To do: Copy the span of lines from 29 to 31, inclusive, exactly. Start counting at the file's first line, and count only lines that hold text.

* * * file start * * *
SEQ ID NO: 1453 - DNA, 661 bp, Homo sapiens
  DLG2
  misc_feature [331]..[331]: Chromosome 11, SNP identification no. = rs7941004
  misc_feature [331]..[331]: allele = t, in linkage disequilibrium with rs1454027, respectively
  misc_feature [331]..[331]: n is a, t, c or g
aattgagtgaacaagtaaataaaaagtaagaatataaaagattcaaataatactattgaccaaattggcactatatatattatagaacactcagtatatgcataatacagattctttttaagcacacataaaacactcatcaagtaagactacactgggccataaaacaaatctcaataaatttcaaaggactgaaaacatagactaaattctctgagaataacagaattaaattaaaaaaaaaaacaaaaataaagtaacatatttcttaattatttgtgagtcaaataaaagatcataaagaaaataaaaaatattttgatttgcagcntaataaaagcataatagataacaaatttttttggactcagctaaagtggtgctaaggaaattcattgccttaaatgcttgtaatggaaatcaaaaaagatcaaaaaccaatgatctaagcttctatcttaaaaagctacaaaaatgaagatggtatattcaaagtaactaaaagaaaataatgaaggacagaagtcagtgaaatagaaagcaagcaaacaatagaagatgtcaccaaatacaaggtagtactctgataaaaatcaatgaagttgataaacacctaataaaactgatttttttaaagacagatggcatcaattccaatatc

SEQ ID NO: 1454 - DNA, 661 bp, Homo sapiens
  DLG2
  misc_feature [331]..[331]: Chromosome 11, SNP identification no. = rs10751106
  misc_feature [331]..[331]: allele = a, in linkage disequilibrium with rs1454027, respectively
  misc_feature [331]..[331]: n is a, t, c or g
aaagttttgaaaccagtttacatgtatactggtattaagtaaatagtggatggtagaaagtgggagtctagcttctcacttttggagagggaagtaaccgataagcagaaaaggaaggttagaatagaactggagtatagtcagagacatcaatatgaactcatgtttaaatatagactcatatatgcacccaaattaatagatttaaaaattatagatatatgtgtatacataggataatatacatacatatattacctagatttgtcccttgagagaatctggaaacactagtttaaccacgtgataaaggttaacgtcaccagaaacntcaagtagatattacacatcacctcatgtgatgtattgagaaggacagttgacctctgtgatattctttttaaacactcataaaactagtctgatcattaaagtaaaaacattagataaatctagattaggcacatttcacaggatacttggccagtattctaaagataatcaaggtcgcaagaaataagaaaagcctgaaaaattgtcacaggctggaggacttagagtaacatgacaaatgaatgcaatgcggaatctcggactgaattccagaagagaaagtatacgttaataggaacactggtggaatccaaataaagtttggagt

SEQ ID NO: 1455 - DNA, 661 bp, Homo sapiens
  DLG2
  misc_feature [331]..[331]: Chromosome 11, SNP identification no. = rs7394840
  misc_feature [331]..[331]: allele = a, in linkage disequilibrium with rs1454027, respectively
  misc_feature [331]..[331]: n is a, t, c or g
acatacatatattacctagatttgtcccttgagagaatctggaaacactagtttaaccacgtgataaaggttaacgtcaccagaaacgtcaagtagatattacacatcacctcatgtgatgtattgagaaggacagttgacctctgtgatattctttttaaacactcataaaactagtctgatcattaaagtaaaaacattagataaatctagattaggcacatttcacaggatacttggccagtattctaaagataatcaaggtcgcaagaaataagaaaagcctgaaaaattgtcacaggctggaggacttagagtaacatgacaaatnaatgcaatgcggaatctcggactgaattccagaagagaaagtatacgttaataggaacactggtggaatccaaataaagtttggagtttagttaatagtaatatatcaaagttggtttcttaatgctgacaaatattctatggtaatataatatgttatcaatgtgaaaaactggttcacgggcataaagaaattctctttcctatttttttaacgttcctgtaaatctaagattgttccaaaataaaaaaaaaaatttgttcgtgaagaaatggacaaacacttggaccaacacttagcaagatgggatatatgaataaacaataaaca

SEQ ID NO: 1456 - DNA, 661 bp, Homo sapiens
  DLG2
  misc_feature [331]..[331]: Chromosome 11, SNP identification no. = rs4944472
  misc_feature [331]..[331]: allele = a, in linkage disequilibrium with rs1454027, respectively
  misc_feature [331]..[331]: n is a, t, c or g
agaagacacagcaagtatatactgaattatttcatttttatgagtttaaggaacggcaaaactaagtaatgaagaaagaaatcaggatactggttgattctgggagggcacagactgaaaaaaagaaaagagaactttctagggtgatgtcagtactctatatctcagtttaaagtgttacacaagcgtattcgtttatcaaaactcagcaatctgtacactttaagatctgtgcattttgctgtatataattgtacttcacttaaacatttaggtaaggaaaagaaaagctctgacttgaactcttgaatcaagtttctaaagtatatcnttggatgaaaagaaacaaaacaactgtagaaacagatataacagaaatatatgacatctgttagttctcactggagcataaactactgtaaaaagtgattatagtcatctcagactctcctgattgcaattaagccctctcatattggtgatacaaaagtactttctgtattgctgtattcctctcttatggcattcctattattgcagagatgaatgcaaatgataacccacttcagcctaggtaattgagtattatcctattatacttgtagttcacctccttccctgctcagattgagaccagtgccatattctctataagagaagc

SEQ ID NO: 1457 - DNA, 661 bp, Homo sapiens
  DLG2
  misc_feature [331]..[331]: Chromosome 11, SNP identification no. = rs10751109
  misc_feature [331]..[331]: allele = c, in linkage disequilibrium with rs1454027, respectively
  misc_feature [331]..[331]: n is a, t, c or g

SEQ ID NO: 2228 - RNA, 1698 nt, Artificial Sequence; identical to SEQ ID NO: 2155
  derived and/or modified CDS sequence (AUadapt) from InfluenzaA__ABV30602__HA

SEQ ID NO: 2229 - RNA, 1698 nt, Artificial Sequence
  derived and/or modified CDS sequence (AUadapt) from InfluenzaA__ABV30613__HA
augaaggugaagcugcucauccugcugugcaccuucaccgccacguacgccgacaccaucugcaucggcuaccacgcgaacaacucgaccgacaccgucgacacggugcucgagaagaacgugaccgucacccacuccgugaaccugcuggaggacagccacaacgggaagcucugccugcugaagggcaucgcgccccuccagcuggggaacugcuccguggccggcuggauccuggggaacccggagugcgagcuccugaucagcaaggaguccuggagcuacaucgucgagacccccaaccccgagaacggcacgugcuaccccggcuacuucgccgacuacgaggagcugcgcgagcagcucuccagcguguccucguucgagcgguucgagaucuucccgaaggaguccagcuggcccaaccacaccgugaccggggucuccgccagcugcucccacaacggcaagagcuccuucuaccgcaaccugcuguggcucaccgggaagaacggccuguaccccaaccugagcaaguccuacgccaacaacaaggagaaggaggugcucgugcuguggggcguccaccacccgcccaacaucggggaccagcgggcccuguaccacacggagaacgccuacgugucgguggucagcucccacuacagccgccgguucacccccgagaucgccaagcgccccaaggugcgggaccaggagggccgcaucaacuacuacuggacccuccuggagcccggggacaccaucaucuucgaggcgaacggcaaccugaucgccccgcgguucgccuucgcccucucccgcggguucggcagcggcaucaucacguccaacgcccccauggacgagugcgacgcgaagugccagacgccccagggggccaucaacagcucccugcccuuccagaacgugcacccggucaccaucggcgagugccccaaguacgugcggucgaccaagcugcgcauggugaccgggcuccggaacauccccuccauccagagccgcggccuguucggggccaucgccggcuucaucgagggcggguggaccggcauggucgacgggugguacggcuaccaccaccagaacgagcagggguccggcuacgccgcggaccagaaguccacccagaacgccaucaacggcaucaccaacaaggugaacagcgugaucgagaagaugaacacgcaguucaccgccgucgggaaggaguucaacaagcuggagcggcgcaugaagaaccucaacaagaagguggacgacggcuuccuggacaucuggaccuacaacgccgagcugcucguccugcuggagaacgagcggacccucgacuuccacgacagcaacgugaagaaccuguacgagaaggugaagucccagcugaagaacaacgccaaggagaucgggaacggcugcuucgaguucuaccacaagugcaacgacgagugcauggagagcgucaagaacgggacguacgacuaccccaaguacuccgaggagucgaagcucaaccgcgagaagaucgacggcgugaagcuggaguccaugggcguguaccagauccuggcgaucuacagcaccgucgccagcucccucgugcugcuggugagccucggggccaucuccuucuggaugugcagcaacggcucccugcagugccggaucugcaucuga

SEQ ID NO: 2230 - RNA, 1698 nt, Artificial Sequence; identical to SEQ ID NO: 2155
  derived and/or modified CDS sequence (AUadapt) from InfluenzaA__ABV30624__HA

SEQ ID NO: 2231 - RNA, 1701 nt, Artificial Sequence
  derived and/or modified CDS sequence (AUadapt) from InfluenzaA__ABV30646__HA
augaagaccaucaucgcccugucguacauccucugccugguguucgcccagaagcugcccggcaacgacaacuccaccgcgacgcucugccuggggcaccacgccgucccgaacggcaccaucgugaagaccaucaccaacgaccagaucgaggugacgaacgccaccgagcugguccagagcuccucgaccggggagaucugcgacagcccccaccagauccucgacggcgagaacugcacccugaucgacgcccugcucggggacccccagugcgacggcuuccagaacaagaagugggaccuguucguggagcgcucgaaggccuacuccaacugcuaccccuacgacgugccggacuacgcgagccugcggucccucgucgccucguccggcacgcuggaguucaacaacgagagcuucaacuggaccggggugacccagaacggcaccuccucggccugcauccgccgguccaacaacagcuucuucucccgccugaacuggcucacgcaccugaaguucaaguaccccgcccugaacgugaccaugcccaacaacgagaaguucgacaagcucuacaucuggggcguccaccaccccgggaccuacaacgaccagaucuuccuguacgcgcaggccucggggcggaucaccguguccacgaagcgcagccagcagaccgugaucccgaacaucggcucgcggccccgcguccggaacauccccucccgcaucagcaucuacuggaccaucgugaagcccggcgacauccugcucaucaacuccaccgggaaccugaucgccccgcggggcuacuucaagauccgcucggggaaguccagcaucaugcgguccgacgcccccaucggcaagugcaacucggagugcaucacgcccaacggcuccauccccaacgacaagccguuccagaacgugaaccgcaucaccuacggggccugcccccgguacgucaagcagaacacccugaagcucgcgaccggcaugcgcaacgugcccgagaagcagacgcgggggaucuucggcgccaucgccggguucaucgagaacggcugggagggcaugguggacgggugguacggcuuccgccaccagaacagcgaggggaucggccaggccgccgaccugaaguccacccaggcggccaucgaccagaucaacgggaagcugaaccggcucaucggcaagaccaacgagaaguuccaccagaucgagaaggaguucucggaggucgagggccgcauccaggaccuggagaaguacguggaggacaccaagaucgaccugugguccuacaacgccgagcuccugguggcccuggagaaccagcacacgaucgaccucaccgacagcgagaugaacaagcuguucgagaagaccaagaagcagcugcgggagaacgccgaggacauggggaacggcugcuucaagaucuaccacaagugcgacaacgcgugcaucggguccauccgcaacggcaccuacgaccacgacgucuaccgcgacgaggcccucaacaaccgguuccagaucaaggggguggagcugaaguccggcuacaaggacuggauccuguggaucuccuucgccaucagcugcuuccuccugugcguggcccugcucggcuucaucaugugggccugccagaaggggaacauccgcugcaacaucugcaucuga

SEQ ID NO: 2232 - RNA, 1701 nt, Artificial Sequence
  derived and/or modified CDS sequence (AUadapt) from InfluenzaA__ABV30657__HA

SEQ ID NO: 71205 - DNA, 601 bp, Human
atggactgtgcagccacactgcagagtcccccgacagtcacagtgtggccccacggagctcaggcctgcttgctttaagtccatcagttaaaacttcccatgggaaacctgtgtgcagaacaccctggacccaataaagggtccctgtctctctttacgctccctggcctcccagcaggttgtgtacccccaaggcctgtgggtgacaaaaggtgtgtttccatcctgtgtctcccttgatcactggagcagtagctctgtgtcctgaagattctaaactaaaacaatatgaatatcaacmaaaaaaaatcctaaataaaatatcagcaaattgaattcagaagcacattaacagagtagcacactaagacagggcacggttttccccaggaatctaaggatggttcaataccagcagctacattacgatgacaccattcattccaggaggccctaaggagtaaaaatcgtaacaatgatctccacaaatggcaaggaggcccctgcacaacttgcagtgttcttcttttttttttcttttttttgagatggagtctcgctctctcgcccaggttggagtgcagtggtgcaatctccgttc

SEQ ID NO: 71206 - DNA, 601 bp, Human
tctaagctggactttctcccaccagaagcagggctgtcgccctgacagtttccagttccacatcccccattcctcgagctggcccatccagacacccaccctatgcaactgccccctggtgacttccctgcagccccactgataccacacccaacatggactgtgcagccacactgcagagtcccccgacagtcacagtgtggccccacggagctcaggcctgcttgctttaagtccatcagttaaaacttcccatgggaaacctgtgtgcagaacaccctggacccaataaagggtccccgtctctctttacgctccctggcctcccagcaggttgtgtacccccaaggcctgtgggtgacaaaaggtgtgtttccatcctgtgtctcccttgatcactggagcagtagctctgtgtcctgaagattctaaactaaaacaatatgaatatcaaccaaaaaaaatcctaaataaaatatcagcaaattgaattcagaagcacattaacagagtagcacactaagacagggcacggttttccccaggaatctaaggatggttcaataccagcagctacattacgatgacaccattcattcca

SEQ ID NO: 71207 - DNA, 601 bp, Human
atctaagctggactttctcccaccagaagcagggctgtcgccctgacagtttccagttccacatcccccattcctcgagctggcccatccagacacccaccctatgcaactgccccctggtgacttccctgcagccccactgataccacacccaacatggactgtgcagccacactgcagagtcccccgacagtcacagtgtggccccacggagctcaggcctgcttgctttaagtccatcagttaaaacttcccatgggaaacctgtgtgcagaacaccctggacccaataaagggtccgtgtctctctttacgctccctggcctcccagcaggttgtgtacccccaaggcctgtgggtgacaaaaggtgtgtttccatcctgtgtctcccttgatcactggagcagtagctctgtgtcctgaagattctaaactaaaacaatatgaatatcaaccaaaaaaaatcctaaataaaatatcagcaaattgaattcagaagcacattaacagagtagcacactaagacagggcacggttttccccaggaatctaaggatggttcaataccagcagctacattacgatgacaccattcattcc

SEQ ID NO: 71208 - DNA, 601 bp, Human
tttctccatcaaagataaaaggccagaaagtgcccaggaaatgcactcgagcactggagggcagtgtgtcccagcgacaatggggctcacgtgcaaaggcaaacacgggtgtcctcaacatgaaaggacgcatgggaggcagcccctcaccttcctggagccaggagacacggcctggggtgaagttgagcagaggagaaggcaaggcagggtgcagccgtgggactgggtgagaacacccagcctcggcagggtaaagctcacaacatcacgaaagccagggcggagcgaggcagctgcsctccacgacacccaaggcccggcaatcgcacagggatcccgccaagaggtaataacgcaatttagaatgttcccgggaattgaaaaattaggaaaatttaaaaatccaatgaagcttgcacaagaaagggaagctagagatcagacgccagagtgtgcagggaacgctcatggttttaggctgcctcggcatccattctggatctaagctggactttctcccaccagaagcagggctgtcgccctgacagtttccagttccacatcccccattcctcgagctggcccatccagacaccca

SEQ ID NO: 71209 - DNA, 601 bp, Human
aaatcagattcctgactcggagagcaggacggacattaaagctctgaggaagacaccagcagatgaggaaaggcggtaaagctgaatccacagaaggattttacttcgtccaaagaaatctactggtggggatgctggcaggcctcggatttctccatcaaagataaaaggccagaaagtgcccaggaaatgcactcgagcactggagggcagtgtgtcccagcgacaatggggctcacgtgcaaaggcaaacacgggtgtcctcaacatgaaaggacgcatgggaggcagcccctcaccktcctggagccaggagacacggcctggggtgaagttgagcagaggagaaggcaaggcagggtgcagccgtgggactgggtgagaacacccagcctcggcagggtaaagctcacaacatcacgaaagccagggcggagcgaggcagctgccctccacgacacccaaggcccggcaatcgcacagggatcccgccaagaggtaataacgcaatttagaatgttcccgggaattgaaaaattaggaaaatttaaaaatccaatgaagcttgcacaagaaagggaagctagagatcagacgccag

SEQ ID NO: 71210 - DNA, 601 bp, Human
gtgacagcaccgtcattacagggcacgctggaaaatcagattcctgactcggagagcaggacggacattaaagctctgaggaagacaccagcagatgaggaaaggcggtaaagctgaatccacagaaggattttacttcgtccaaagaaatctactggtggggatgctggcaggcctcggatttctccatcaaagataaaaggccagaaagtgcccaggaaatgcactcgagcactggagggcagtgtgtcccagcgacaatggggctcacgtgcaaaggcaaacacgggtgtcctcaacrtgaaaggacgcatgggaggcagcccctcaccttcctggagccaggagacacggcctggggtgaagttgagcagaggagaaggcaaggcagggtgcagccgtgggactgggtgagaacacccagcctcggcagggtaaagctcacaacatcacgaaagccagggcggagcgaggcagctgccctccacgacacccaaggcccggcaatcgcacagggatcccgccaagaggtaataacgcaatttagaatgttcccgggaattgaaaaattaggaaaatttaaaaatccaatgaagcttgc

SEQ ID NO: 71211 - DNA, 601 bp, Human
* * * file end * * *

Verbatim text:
  misc_feature [331]..[331]: n is a, t, c or g

SEQ ID NO: 2228 - RNA, 1698 nt, Artificial Sequence; identical to SEQ ID NO: 2155
  derived and/or modified CDS sequence (AUadapt) from InfluenzaA__ABV30602__HA